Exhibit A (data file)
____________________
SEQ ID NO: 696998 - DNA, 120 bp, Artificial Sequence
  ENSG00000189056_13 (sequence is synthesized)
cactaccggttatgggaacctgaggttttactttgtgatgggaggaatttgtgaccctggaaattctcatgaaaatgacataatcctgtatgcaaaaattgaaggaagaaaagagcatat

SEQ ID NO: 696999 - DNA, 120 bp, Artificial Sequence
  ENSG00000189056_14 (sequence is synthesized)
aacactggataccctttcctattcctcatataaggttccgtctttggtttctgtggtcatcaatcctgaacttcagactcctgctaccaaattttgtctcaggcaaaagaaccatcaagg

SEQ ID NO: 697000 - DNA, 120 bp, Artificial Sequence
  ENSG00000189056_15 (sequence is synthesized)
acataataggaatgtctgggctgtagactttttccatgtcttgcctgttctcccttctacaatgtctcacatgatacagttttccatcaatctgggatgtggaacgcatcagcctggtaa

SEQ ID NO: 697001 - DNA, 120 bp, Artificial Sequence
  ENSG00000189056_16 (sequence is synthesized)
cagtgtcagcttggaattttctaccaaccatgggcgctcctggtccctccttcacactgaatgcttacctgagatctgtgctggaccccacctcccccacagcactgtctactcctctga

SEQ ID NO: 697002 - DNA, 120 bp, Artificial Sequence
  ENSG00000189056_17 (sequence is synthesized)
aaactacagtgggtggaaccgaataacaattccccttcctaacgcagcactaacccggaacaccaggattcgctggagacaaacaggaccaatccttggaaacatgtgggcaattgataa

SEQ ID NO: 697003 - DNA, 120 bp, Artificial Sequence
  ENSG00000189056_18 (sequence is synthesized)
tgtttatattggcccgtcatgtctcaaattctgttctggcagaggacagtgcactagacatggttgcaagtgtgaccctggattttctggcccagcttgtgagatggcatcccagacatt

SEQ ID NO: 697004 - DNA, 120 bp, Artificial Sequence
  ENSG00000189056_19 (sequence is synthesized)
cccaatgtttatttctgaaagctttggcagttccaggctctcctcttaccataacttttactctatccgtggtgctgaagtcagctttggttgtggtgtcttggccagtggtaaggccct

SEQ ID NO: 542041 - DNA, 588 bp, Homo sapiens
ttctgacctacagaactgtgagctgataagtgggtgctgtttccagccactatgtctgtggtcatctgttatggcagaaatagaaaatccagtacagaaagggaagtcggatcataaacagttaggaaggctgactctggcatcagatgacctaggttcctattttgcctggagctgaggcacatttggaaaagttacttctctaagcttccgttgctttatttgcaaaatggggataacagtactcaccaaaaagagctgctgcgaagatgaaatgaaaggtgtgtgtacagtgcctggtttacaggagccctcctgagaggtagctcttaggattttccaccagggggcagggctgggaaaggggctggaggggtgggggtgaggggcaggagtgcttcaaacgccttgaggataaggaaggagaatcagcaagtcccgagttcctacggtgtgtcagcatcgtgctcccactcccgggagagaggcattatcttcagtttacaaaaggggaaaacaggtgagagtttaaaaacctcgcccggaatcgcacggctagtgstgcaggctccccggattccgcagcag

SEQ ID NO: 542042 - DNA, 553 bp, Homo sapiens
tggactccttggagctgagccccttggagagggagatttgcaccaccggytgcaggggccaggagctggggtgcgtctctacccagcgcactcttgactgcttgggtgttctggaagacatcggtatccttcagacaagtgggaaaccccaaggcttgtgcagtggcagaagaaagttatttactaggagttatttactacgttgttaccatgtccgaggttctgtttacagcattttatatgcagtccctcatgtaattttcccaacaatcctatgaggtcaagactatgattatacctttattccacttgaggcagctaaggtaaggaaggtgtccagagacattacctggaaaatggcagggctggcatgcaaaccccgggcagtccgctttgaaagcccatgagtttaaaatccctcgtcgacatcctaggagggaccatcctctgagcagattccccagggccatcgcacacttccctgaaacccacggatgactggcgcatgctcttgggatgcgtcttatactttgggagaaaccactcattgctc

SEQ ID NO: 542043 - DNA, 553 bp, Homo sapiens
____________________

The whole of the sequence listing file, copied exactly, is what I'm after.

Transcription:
SEQ ID NO: 696998 - DNA, 120 bp, Artificial Sequence
  ENSG00000189056_13 (sequence is synthesized)
cactaccggttatgggaacctgaggttttactttgtgatgggaggaatttgtgaccctggaaattctcatgaaaatgacataatcctgtatgcaaaaattgaaggaagaaaagagcatat

SEQ ID NO: 696999 - DNA, 120 bp, Artificial Sequence
  ENSG00000189056_14 (sequence is synthesized)
aacactggataccctttcctattcctcatataaggttccgtctttggtttctgtggtcatcaatcctgaacttcagactcctgctaccaaattttgtctcaggcaaaagaaccatcaagg

SEQ ID NO: 697000 - DNA, 120 bp, Artificial Sequence
  ENSG00000189056_15 (sequence is synthesized)
acataataggaatgtctgggctgtagactttttccatgtcttgcctgttctcccttctacaatgtctcacatgatacagttttccatcaatctgggatgtggaacgcatcagcctggtaa

SEQ ID NO: 697001 - DNA, 120 bp, Artificial Sequence
  ENSG00000189056_16 (sequence is synthesized)
cagtgtcagcttggaattttctaccaaccatgggcgctcctggtccctccttcacactgaatgcttacctgagatctgtgctggaccccacctcccccacagcactgtctactcctctga

SEQ ID NO: 697002 - DNA, 120 bp, Artificial Sequence
  ENSG00000189056_17 (sequence is synthesized)
aaactacagtgggtggaaccgaataacaattccccttcctaacgcagcactaacccggaacaccaggattcgctggagacaaacaggaccaatccttggaaacatgtgggcaattgataa

SEQ ID NO: 697003 - DNA, 120 bp, Artificial Sequence
  ENSG00000189056_18 (sequence is synthesized)
tgtttatattggcccgtcatgtctcaaattctgttctggcagaggacagtgcactagacatggttgcaagtgtgaccctggattttctggcccagcttgtgagatggcatcccagacatt

SEQ ID NO: 697004 - DNA, 120 bp, Artificial Sequence
  ENSG00000189056_19 (sequence is synthesized)
cccaatgtttatttctgaaagctttggcagttccaggctctcctcttaccataacttttactctatccgtggtgctgaagtcagctttggttgtggtgtcttggccagtggtaaggccct

SEQ ID NO: 542041 - DNA, 588 bp, Homo sapiens
ttctgacctacagaactgtgagctgataagtgggtgctgtttccagccactatgtctgtggtcatctgttatggcagaaatagaaaatccagtacagaaagggaagtcggatcataaacagttaggaaggctgactctggcatcagatgacctaggttcctattttgcctggagctgaggcacatttggaaaagttacttctctaagcttccgttgctttatttgcaaaatggggataacagtactcaccaaaaagagctgctgcgaagatgaaatgaaaggtgtgtgtacagtgcctggtttacaggagccctcctgagaggtagctcttaggattttccaccagggggcagggctgggaaaggggctggaggggtgggggtgaggggcaggagtgcttcaaacgccttgaggataaggaaggagaatcagcaagtcccgagttcctacggtgtgtcagcatcgtgctcccactcccgggagagaggcattatcttcagtttacaaaaggggaaaacaggtgagagtttaaaaacctcgcccggaatcgcacggctagtgstgcaggctccccggattccgcagcag

SEQ ID NO: 542042 - DNA, 553 bp, Homo sapiens
tggactccttggagctgagccccttggagagggagatttgcaccaccggytgcaggggccaggagctggggtgcgtctctacccagcgcactcttgactgcttgggtgttctggaagacatcggtatccttcagacaagtgggaaaccccaaggcttgtgcagtggcagaagaaagttatttactaggagttatttactacgttgttaccatgtccgaggttctgtttacagcattttatatgcagtccctcatgtaattttcccaacaatcctatgaggtcaagactatgattatacctttattccacttgaggcagctaaggtaaggaaggtgtccagagacattacctggaaaatggcagggctggcatgcaaaccccgggcagtccgctttgaaagcccatgagtttaaaatccctcgtcgacatcctaggagggaccatcctctgagcagattccccagggccatcgcacacttccctgaaacccacggatgactggcgcatgctcttgggatgcgtcttatactttgggagaaaccactcattgctc

SEQ ID NO: 542043 - DNA, 553 bp, Homo sapiens